There wasn't much Lothar Matthaus couldn't do. He had the engine to play box-to-box, he could dribble past players, he could pass - he genuinely was just an all-round maestro.
At the tender age of 19 he was crowned winner of the 1980 European Championship and 20 years on he was still on the international scene having been named in Germany's Euro 2000 squad.
A truly remarkable footballer.
7. Zinedine Zidane (CM)
We don't use the word 'genius' lightly but it's never been more applicable than when describing Zinedine Zidane.
For any of you who didn't witness him in his prime, it's almost impossible to explain how effortless he made the game look. The Frenchman had arguably the greatest first touch in footballing history and the way he'd glide past players was like it deserved classical music in the background.
Zidane was part of the famous France side that won the 1998 World Cup and then triumphed at Euro 2000.
8. Ruud Gullit (CM)
Ruud Gullit was another player who played in just about every position on the pitch during his illustrious career, so we've shoehorned him into central-midfield.
In the late 80s the Dutchman was in his prime and his performances at Euro 88 will go down in football history.
His partnership with Marco van Basten was absolutely lethal and despite the fact he played much further forward than central-midfield during the tournament, we couldn't not include him.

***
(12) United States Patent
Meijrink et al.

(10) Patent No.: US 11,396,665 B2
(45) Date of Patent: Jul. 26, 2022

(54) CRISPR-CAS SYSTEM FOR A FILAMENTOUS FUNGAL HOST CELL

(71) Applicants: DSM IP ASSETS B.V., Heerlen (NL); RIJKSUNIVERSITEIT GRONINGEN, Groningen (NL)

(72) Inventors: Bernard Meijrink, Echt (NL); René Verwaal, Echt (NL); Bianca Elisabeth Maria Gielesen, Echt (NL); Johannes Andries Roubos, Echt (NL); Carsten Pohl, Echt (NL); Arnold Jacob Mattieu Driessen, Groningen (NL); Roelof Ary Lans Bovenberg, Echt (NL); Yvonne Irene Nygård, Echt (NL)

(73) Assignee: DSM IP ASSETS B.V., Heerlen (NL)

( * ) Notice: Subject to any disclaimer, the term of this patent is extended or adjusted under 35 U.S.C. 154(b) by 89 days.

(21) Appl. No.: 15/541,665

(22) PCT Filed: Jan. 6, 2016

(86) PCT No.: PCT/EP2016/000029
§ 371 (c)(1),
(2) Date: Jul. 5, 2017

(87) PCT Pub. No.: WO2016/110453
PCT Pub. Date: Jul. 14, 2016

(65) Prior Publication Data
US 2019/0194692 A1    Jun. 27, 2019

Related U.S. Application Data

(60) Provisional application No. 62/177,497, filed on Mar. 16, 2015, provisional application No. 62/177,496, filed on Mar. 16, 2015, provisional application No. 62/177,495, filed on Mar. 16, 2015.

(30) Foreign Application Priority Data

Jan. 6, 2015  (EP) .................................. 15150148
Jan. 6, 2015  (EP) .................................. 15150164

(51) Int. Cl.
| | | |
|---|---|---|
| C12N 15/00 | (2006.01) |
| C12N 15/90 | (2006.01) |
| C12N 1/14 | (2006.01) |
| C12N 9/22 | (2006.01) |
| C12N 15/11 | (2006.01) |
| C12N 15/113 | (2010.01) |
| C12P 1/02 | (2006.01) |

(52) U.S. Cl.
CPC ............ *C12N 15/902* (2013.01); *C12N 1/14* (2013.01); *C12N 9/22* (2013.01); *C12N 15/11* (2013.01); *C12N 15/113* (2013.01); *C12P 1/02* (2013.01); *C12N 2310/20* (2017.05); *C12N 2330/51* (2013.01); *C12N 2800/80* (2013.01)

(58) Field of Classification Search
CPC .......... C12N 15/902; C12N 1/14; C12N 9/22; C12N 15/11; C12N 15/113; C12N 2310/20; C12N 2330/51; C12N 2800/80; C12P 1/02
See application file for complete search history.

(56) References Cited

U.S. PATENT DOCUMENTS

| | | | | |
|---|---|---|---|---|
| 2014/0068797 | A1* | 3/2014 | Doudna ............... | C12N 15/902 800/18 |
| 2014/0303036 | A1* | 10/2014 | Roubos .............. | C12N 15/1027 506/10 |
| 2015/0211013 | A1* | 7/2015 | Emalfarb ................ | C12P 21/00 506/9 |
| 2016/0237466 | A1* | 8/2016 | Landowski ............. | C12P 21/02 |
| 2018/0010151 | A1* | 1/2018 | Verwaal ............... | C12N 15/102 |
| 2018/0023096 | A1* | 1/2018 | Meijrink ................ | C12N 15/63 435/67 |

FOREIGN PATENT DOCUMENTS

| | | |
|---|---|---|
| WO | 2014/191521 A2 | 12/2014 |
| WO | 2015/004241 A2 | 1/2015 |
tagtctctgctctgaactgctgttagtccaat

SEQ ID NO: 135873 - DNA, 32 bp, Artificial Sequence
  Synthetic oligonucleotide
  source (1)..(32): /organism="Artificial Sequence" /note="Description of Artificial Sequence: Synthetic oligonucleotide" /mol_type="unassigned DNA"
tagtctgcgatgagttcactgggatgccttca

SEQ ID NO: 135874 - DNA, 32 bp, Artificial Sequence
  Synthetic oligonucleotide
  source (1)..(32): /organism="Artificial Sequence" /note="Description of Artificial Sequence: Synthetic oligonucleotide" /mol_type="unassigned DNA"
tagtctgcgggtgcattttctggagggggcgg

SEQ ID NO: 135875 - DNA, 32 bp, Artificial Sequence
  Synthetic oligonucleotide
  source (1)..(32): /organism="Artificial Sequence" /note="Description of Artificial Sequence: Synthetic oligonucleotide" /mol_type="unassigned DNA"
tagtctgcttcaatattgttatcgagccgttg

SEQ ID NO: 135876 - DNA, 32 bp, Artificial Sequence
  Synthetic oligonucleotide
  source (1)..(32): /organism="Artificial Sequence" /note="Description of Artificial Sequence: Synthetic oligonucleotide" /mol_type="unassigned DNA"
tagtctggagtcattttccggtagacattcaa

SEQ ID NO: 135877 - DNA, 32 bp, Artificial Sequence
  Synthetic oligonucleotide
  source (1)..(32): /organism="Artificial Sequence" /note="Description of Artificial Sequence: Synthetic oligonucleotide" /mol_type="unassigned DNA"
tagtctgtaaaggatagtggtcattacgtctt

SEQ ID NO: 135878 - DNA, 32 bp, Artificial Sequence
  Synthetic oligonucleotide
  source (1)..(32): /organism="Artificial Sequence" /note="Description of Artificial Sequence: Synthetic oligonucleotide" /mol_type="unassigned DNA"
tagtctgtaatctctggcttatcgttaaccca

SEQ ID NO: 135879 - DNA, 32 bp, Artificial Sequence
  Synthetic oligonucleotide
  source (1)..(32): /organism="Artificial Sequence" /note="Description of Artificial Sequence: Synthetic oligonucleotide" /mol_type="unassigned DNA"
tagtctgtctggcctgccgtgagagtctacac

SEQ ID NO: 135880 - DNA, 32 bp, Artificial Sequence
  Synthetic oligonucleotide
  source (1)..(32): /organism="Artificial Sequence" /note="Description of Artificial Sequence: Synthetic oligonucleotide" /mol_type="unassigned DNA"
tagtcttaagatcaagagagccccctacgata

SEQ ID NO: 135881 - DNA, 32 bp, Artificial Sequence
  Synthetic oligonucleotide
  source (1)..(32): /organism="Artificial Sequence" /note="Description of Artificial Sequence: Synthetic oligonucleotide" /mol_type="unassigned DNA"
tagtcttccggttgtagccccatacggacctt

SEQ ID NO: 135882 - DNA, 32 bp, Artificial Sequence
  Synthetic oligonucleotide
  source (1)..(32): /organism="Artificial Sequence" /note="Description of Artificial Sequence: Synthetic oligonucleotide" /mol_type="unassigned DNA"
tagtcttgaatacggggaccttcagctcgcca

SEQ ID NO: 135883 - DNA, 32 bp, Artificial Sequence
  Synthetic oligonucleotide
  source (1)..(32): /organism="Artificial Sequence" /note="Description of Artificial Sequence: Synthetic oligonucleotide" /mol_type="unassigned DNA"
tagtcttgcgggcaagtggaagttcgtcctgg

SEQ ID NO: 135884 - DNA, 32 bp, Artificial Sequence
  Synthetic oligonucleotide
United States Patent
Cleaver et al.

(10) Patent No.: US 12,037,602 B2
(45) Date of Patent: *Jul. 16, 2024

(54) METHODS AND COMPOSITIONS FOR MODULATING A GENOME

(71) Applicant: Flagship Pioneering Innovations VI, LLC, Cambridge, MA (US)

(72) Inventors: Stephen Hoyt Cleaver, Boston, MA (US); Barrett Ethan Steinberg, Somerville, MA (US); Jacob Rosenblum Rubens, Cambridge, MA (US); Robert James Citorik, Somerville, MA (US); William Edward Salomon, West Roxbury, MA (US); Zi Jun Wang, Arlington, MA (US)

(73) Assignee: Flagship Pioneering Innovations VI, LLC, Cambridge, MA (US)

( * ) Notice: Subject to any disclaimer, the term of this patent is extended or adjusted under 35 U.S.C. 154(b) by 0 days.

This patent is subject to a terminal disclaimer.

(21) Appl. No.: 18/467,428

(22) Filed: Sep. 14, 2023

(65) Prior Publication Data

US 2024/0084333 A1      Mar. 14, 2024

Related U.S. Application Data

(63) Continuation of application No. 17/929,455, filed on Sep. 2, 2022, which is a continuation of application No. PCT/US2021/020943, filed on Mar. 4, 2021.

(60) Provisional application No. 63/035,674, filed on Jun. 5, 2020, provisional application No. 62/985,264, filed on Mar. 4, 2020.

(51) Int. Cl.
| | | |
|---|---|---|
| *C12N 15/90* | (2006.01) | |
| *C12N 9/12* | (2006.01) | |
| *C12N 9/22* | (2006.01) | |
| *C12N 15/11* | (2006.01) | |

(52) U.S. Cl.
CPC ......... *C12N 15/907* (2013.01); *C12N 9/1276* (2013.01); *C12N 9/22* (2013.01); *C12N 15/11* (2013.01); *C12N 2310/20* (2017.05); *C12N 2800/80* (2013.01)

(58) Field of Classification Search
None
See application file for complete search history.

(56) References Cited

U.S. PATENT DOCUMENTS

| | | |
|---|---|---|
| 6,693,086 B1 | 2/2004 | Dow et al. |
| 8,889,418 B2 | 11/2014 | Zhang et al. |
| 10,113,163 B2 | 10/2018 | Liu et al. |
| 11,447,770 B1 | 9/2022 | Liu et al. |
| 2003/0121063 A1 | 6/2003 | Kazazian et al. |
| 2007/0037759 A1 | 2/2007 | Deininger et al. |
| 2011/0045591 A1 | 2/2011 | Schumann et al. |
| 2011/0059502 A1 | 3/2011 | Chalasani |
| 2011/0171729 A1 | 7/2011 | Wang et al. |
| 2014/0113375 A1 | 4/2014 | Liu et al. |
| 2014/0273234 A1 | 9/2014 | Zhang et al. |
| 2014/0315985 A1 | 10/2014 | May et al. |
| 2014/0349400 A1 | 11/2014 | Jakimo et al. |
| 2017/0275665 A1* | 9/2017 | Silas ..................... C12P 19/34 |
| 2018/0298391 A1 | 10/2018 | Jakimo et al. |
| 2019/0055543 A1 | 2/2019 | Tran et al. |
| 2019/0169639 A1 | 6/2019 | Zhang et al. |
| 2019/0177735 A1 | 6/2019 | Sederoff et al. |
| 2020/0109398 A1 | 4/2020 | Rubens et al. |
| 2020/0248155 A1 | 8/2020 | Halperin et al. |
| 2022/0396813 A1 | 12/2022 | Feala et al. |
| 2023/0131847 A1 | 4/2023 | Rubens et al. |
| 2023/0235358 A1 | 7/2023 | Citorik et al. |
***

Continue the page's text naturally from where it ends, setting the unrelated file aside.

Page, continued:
9. Michel Platini (AM)
Every name on this XI has appeared in at least two European Championship Team of the Tournaments - except this man's.
Michel Platini was given the honour just once, but when we tell you about his performances at Euro 84 you'll understand why he's got a spot in our team.
The France captain led his side to their first major tournament win after bagging an astonishing nine goals in five games, including two hat-tricks while the other three strikes were all winning goals.
The rest of the team mustered just five goals between them in the whole competition!
10. Marco van Basten (ST)
You don't even have to like football to know about that goal.
Van Basten notched the Golden Boot at Euro 88 as the Netherlands were crowned European champions. The former Milan striker grabbed himself a hat-trick against England as well as scoring in the semi-final and the final of the competition.
He would go on to be crowned the Ballon d'Or winner later that year - the first of three awards - for his stunning performances.
But forget all that - just look at that goal.
11. Cristiano Ronaldo (ST)
The only player in our XI still playing to this day.
Cristiano Ronaldo may have left the field in tears after picking up an early injury in the Euro 2016 final, but he was soon shedding tears of joy as Portugal were crowned winners of the competition thanks to Eder's extra-time strike.
Ronaldo is preparing to play in his fifth European Championship and astonishingly he's been named in the Team of the Tournament in all but one of his previous four appearances.
Love him or hate him, he's definitely one of the all-time greats.